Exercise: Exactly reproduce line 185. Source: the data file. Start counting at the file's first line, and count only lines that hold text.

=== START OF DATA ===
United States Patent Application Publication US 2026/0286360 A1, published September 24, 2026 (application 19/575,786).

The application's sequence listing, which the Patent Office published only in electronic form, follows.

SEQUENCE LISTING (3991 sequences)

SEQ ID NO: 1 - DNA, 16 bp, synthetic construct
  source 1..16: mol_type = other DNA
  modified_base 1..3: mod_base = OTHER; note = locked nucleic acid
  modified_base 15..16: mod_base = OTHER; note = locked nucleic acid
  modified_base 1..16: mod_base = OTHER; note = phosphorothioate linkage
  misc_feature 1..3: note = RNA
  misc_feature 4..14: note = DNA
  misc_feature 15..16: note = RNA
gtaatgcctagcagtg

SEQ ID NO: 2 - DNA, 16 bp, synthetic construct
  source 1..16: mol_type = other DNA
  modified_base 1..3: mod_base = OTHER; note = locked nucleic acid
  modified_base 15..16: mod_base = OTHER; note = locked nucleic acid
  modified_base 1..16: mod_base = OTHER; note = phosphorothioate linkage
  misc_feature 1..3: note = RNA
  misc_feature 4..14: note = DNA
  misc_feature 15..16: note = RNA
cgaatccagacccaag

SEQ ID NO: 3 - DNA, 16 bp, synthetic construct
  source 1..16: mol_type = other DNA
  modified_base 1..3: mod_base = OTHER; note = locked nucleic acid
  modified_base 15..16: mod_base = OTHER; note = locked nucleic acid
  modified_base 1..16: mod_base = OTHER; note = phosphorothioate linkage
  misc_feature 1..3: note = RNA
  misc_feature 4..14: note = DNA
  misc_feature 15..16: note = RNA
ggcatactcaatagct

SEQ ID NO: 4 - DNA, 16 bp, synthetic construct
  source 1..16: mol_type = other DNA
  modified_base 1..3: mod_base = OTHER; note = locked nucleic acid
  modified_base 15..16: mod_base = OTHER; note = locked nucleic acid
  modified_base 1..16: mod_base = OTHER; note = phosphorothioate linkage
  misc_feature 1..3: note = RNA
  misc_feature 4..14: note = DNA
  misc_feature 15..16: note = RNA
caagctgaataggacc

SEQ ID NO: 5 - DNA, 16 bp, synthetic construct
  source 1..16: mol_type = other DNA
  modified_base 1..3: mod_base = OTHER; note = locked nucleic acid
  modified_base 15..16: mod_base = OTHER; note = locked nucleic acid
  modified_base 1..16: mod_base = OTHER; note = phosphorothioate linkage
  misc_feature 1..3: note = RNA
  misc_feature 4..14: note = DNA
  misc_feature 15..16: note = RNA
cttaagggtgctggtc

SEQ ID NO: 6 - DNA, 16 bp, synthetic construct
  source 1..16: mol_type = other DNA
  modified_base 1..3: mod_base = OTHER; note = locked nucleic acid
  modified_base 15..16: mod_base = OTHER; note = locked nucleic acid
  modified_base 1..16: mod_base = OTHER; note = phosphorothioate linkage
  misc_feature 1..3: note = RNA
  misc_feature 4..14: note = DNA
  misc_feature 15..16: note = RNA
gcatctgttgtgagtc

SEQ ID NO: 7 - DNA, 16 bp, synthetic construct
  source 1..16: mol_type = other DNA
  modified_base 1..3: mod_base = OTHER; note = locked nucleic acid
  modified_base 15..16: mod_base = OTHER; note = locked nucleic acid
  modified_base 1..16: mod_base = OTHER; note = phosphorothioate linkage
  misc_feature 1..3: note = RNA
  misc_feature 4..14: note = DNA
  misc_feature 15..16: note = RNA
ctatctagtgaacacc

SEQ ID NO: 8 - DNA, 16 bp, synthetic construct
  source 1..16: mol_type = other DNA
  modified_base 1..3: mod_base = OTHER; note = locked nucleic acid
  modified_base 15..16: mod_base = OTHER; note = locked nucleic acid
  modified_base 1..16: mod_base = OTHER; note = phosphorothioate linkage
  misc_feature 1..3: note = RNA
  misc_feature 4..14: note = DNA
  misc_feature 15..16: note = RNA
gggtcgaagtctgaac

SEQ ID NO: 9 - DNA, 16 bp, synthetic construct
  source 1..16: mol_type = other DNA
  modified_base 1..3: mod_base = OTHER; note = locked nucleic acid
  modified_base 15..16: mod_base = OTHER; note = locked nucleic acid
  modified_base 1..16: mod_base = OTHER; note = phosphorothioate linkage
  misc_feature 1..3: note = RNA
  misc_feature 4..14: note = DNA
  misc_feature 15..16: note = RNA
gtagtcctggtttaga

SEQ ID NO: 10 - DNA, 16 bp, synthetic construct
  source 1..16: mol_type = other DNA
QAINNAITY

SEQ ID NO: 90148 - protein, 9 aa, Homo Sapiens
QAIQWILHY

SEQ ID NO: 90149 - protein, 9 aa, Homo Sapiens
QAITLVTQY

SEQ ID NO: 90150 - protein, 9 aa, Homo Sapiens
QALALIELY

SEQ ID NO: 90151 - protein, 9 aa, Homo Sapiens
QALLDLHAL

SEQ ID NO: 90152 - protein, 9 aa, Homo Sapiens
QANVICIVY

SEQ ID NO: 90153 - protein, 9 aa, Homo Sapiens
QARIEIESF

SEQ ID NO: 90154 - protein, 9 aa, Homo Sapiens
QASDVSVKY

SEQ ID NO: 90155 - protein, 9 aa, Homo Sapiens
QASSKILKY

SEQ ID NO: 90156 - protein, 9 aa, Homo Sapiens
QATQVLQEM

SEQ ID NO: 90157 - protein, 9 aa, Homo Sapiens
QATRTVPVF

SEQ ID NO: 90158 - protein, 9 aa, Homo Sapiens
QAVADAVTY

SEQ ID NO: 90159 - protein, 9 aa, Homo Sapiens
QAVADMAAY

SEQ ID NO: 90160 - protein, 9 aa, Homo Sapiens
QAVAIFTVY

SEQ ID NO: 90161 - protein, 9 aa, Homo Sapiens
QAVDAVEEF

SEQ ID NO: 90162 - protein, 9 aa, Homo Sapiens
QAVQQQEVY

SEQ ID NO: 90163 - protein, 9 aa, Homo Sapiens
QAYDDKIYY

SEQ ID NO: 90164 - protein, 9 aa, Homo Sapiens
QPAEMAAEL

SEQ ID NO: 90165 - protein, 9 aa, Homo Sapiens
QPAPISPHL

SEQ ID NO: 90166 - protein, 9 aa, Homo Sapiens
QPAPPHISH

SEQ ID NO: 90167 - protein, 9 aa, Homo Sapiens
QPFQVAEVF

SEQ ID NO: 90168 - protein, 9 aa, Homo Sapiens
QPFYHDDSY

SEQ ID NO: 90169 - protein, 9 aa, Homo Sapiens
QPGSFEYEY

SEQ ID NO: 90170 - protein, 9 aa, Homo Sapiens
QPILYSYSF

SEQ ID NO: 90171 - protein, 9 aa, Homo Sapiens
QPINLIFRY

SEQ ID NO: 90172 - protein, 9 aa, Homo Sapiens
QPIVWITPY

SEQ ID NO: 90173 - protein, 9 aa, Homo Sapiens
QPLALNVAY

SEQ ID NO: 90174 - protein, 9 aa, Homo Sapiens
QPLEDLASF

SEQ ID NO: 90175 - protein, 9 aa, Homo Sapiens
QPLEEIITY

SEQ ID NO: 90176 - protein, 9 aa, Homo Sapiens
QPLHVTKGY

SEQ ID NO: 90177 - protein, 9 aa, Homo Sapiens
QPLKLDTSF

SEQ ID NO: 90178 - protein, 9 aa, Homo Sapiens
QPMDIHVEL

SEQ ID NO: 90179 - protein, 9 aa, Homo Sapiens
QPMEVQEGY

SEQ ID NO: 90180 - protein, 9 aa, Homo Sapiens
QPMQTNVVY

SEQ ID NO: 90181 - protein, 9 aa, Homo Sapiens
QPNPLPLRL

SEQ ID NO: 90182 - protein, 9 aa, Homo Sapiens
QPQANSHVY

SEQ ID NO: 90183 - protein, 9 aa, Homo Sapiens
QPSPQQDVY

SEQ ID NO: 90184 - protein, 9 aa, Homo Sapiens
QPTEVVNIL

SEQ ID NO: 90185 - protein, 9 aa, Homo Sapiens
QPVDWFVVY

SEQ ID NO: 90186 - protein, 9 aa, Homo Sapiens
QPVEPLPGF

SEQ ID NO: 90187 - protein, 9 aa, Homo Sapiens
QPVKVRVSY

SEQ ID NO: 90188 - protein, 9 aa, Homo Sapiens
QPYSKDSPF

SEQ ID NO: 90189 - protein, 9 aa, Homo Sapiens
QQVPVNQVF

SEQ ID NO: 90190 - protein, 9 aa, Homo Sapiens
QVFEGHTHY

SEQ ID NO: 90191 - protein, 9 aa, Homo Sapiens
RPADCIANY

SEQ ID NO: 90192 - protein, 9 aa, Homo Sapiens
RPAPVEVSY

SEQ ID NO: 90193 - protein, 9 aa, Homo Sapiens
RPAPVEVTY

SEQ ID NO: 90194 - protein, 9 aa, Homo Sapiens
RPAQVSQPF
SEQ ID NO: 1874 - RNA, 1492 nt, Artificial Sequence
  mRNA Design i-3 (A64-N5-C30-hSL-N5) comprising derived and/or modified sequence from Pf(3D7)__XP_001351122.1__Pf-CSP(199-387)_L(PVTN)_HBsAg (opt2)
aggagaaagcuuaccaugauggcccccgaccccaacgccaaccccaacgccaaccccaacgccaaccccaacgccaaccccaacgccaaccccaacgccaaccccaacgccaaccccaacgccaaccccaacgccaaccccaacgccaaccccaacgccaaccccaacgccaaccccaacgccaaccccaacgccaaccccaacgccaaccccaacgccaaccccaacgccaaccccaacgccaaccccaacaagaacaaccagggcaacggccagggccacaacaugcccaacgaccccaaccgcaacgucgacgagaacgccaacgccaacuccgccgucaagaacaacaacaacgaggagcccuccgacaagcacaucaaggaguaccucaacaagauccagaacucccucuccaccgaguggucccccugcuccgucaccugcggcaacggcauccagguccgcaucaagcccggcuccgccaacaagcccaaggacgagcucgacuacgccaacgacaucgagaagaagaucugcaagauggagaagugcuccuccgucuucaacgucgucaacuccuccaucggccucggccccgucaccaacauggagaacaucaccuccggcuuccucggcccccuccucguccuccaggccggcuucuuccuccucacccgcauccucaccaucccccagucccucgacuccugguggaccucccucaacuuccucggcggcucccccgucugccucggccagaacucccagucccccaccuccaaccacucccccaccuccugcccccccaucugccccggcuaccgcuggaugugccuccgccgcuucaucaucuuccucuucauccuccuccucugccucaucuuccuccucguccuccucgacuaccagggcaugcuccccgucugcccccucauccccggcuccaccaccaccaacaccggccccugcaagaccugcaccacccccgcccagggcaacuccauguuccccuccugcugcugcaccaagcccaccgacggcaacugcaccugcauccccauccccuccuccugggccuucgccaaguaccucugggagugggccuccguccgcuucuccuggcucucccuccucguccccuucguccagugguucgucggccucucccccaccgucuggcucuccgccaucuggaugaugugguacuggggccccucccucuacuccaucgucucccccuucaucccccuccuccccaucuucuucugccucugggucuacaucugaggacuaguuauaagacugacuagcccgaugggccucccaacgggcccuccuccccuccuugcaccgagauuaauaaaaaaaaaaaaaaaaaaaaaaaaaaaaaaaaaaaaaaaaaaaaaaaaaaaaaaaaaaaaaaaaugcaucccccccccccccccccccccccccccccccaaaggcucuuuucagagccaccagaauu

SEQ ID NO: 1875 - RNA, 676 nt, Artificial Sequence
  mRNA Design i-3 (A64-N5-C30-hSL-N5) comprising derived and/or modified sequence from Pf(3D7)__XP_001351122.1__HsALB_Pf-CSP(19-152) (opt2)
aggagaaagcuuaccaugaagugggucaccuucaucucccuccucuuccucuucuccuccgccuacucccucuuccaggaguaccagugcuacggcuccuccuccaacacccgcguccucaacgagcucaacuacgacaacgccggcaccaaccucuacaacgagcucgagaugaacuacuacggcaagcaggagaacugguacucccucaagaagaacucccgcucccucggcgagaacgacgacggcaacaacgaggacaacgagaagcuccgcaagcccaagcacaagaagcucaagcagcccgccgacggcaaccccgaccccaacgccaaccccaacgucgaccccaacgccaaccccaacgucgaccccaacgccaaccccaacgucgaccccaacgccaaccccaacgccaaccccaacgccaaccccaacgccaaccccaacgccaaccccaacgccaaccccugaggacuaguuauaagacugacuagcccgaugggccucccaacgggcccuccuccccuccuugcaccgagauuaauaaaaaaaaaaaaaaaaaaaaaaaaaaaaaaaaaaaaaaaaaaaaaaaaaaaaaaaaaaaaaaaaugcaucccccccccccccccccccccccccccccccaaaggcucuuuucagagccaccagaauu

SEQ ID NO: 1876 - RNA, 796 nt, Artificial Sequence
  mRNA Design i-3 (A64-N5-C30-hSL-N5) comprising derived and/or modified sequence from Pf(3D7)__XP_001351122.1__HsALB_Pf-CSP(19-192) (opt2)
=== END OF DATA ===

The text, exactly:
SEQ ID NO: 1875 - RNA, 676 nt, Artificial Sequence